A major industry in the 19th century was lace-making, with Nottingham lace becoming famous. While some lace-making still goes on in the city, it is no longer of much economic significance. Also in the 19th century, the Nottingham Park Estate was built, on the castle's former deer park.
Famous people born in or near Nottingham include William Booth, founder of the Salvation Army, the author D.H. Lawrence and the fashion designer Paul Smith. The poet Lord Byron resided at Newstead Abbey and is buried at nearby Hucknall.
Nottingham is home to the headquarters of Boots the Chemists, founded in the city by John Boot in 1849 and substantially expanded by his son Jesse Boot. Other large current employers include the credit reference agency Experian, the energy company Powergen and the tobacco company John Player. Until recently a major industry was bicycle making, the city being the birthplace of Raleigh Cycles in 1886. However, the company's factory on Triumph Road, famous as the location for the filming of Saturday Night and Sunday Morning, was demolished in Summer 2003. Other major industries in the city include engineering, textiles, knitwear and electronics.
Culture and sport
A view of the Nottingham skyline
Nottingham has two main theatres, the Nottingham Playhouse and the Theatre Royal (which also houses the Royal Concert Hall). There are also several art galleries which often receive national attention, particularly the castle museum and the Angel Row gallery (attached to the main library). Both of the city's universities also put on a wide range of plays, concerts, and other events throughout term time.
The annual Goose Fair is always popular. More generally, the city is regarded as having a good nightlife, with many clubs and bars in the centre of town that are popular amongst both the local and student communities.
The city is home to two football teams; Nottingham Forest, who play in the Football League Championship, and who under their most famous manager, the late Brian Clough, won the European Cup twice, and Notts County of Football League Two, the oldest Football League team in the UK, having been founded in 1862 (a year before the establishment of the league itself). The Trent Bridge cricket ground, home of Nottinghamshire County Cricket Club, is frequently a venue for international Test matches.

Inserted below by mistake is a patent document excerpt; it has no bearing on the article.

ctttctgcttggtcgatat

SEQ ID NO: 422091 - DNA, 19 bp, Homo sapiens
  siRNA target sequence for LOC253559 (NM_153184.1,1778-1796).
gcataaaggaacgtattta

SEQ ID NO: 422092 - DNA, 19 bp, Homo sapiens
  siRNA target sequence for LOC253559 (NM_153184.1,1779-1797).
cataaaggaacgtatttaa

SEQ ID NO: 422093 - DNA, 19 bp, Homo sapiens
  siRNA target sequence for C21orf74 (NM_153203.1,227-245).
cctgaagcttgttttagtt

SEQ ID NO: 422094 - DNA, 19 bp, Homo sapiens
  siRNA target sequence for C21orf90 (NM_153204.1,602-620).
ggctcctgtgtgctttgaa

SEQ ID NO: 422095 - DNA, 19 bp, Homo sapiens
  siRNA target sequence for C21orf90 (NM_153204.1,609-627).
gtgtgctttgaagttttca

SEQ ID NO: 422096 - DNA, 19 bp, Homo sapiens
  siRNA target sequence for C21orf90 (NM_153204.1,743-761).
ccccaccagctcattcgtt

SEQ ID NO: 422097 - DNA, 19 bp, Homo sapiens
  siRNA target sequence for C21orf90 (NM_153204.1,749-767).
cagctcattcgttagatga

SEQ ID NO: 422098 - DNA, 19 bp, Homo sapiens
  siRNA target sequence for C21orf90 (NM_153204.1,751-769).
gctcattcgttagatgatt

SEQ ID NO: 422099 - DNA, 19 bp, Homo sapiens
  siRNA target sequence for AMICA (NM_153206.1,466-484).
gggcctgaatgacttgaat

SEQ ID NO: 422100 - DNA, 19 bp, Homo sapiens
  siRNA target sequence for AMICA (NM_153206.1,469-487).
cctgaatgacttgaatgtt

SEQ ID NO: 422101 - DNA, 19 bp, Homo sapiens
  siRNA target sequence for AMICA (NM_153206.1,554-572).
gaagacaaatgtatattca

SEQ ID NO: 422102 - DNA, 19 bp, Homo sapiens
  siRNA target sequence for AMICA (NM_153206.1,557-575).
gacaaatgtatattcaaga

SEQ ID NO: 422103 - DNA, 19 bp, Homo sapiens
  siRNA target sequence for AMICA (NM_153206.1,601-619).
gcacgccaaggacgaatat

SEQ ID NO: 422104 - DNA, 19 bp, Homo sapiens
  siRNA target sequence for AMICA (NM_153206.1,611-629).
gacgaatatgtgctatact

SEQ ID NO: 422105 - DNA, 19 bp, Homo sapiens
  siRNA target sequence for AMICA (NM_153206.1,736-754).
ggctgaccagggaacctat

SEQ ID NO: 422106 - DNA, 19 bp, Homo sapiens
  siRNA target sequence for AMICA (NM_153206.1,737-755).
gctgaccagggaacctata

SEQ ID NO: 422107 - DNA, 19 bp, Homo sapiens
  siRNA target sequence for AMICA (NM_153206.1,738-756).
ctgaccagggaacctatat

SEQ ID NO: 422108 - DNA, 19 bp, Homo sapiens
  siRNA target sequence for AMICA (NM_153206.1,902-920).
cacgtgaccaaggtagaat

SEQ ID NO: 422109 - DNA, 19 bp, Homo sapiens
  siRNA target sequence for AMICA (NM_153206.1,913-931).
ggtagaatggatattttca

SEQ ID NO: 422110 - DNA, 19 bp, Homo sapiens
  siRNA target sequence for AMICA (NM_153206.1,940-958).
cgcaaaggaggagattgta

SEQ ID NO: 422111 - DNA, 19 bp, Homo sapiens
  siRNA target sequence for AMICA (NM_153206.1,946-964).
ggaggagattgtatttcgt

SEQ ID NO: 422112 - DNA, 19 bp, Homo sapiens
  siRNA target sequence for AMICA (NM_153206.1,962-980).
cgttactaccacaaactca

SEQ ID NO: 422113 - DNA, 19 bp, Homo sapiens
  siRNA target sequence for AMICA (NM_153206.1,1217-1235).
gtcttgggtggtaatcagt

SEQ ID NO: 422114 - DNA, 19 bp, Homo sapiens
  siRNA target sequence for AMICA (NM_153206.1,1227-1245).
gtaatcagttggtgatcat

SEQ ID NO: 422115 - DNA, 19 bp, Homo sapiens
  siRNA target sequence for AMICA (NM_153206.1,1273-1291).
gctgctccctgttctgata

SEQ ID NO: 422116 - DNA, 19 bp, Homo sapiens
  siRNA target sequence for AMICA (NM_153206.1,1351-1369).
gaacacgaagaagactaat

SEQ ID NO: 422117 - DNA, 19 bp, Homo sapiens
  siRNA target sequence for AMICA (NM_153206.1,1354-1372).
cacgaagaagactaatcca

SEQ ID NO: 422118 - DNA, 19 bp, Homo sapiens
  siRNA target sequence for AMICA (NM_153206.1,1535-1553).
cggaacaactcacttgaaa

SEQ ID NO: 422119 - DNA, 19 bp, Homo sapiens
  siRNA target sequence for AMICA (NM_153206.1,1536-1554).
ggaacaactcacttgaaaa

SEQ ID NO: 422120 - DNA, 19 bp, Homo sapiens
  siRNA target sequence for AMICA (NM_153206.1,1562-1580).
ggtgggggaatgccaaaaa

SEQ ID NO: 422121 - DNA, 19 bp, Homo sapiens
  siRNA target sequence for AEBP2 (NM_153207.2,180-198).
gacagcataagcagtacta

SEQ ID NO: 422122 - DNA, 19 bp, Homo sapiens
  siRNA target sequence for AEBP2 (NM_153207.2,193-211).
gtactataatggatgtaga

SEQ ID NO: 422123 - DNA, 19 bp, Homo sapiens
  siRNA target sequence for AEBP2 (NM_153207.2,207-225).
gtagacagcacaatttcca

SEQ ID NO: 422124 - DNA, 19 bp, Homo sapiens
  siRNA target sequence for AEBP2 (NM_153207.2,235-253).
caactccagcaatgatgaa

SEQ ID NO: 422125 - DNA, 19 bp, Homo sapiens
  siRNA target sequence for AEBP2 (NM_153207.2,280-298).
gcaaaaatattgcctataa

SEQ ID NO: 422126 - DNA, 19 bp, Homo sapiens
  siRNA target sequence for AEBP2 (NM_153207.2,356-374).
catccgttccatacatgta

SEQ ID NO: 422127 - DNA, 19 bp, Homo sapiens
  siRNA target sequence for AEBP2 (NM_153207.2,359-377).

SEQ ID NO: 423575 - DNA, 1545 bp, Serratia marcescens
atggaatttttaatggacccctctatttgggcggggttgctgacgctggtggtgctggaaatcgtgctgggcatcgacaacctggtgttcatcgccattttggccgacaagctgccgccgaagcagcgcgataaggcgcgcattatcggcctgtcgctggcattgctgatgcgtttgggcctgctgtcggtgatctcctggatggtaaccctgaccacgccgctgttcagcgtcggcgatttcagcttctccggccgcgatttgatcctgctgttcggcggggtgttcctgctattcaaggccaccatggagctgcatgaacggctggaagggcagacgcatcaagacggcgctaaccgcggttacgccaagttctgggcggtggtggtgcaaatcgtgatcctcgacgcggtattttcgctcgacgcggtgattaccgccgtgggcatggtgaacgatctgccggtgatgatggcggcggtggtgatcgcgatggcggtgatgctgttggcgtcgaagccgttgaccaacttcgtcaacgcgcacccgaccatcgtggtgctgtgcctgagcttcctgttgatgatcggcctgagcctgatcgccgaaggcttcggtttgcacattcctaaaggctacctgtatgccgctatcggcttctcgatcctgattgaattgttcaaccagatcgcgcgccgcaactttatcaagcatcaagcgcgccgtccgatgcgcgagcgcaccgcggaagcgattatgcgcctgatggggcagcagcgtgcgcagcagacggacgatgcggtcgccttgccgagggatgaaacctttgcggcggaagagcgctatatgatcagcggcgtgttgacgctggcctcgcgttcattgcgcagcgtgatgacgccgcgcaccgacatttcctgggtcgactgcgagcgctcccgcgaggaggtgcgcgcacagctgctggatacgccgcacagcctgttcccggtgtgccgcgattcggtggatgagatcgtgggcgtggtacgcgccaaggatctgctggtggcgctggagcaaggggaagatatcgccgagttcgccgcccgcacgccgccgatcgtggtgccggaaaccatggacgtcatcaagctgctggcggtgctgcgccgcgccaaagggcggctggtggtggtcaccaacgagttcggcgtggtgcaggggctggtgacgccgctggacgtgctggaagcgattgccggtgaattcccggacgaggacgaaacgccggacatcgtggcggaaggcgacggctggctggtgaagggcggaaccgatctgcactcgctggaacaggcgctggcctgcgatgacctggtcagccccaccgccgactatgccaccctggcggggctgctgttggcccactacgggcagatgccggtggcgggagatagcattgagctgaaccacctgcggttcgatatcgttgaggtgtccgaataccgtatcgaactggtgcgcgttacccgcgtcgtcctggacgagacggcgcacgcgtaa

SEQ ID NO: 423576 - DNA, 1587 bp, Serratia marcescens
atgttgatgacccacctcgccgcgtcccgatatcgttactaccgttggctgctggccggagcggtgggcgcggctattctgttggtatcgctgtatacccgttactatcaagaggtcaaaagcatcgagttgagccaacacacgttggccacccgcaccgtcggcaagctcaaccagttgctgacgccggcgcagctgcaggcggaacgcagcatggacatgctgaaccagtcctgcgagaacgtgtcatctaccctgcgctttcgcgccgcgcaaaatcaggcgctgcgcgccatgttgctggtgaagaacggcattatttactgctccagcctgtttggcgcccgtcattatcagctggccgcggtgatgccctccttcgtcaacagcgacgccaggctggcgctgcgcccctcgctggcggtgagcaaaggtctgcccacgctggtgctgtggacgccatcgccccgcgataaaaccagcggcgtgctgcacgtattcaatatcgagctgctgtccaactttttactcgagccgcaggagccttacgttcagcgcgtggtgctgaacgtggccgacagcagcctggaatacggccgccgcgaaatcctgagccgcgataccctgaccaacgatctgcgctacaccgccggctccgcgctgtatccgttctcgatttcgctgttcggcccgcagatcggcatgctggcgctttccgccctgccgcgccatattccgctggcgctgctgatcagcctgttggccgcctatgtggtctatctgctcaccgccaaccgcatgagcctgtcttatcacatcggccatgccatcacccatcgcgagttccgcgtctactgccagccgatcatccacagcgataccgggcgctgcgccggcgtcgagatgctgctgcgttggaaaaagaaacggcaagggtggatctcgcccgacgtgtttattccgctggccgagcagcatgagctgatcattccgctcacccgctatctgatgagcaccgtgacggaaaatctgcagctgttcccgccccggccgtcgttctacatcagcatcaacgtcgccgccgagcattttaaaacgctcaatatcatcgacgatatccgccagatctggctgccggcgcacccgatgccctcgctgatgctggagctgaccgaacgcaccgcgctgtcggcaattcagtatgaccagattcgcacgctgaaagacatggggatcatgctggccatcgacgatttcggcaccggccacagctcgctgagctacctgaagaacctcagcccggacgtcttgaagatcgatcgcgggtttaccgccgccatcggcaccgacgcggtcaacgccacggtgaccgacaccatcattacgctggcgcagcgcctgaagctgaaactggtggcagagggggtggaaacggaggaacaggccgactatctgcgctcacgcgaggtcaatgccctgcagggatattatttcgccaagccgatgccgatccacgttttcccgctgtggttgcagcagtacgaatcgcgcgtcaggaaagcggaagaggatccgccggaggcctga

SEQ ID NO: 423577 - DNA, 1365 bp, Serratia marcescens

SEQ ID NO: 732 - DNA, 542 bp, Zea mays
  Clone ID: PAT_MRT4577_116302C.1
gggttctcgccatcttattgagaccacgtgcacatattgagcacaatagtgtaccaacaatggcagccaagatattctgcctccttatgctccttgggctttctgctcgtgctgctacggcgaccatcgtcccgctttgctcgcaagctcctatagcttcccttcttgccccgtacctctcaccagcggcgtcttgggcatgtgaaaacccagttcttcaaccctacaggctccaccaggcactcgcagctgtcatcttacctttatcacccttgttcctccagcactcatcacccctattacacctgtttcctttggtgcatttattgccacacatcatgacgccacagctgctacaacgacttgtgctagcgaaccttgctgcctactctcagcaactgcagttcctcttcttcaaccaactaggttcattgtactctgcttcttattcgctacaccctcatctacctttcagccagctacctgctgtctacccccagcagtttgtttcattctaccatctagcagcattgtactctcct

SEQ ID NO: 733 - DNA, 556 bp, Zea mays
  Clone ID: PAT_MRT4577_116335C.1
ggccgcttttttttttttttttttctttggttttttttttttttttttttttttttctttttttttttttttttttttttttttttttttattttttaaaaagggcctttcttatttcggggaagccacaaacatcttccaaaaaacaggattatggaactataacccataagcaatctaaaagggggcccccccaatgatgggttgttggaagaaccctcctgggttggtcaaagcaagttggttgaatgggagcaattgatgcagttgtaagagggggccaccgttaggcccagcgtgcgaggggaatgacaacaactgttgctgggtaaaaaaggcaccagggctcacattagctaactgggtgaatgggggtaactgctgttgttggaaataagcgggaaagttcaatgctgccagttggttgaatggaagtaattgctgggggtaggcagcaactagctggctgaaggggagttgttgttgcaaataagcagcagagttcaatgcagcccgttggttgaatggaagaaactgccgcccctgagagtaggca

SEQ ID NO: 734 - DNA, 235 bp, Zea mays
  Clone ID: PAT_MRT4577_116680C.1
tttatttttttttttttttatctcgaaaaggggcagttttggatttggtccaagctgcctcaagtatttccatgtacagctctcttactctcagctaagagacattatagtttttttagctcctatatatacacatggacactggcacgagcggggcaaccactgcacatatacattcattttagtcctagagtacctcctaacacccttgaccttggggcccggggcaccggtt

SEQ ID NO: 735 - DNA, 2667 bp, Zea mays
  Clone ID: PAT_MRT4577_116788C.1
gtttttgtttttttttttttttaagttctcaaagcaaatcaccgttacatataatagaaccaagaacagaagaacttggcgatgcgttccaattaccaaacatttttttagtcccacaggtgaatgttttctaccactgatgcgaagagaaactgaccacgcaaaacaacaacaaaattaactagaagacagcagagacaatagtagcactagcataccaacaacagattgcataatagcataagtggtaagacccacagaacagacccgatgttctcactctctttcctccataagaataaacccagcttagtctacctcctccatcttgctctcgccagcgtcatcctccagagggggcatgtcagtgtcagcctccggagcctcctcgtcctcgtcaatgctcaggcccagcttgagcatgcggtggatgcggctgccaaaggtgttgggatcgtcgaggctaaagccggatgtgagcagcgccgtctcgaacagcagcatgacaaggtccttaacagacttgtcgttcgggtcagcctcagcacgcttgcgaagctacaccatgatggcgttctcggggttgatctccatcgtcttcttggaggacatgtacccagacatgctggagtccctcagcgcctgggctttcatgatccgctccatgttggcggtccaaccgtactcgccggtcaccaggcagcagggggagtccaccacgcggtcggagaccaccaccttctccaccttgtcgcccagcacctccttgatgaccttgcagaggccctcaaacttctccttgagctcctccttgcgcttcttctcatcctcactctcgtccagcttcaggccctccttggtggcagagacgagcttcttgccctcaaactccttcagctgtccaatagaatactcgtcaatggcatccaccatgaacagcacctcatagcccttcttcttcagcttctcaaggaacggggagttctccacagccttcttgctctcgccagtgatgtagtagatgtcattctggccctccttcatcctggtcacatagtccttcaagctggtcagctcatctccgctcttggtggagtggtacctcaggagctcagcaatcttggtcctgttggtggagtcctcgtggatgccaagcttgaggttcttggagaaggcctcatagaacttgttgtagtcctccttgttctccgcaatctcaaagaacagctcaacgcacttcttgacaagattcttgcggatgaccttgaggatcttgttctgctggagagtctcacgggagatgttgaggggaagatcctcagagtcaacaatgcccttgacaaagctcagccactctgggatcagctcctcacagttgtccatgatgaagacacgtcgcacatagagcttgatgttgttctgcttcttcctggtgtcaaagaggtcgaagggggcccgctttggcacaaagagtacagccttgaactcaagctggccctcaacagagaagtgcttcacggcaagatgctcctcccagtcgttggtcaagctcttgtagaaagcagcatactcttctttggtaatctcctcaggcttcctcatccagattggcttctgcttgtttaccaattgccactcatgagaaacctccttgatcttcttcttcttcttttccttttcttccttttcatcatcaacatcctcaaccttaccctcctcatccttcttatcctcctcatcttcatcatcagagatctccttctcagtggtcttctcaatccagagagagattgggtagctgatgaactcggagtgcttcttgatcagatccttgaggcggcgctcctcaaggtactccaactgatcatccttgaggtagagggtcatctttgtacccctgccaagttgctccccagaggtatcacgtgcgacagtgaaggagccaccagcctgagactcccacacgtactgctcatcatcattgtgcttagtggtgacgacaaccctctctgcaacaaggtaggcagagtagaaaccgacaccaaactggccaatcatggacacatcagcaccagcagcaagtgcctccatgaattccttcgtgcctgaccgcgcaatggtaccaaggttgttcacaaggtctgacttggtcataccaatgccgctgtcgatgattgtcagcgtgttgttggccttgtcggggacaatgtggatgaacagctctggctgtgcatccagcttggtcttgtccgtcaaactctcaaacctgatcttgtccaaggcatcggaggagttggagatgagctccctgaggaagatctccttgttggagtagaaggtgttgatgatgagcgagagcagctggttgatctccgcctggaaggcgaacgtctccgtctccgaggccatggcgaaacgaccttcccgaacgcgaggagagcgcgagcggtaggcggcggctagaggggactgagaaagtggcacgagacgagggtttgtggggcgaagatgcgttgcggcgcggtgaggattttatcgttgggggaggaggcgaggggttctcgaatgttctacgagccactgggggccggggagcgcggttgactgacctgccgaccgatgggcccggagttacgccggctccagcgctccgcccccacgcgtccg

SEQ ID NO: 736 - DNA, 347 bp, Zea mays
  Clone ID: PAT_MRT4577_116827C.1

Also in the city is the National Ice Centre, a large ice skating rink; the city's links to ice skating can be traced back to arguably its most famous children of recent times, Olympic ice dancing champions Jayne Torvill and Christopher Dean. The city also has a rugby club, and a large tennis centre, where the annual Samsung Open is held in the weeks immediately prior to Wimbledon.
The National Ice Centre doubles as Nottingham Arena. Mainstream and popular bands play in the arena on tour. There is also a small award-winning "rock" club called Rock City where less popular rock bands play.
Nottingham won the Britain in Bloom competition, in the Large City category, in 1997, 2001 and 2003. It also won the Entente Florale Gold Award in 1998.
Popular tourist attractions in Nottingham include Nottingham Castle, the Galleries of Justice, and the Tales of Robin Hood on Maid Marian Way, as well as the City's ancient pubs.
Nottingham has been rated as the fifth best place to shop in the UK after London, Glasgow, Birmingham and Leeds. There are four main shopping centres in Nottingham: Victoria Centre, Broadmarsh shopping centre, Exchange Arcade and the Flying Horse Walk, once a famous hotel. The Bridlesmith Gate area has extensive designer shops, and is also the home of the original Paul Smith boutique. At least five major department stores also operate in Nottingham: House of Fraser, John Lewis, Debenhams, Alders and Marks & Spencer. John Lewis was until recently called Jessops, even though owned by John Lewis since 1933. It changed its name in 2002 after a refurbishment.
The University of Nottingham and Highfields Park
Nottingham is home to two universities: the University of Nottingham and Nottingham Trent University. The University of Nottingham's teaching hospital, Queen's Medical Centre, is the largest hospital in the UK. Other notable educational institutions include the further education college New College Nottingham, Nottingham High School and Nottingham High School for Girls.
The Nottingham School of Fashion is a fashion school respected around the country and produced the designer Paul Smith.
Nottingham is close to the M1 motorway and is also well served by train services from Nottingham station to London, Birmingham and the north. The nearby Nottingham East Midlands Airport, served by low-cost international airlines, makes the city easily accessible from other parts of the world. Internally, the city is well-served by buses and a tram system known as Nottingham Express Transit has recently been installed, running from Hucknall in the north to the railway station. Planned future lines will create a substantial tram network across the city and its suburbs.
Nottingham is located at 52°58'00" North, 01°10'00" West (52.9667,-1.1667)1.
- Nottingham Declaration on Climate Change
- Xylophone Man (famous busker in Nottingham)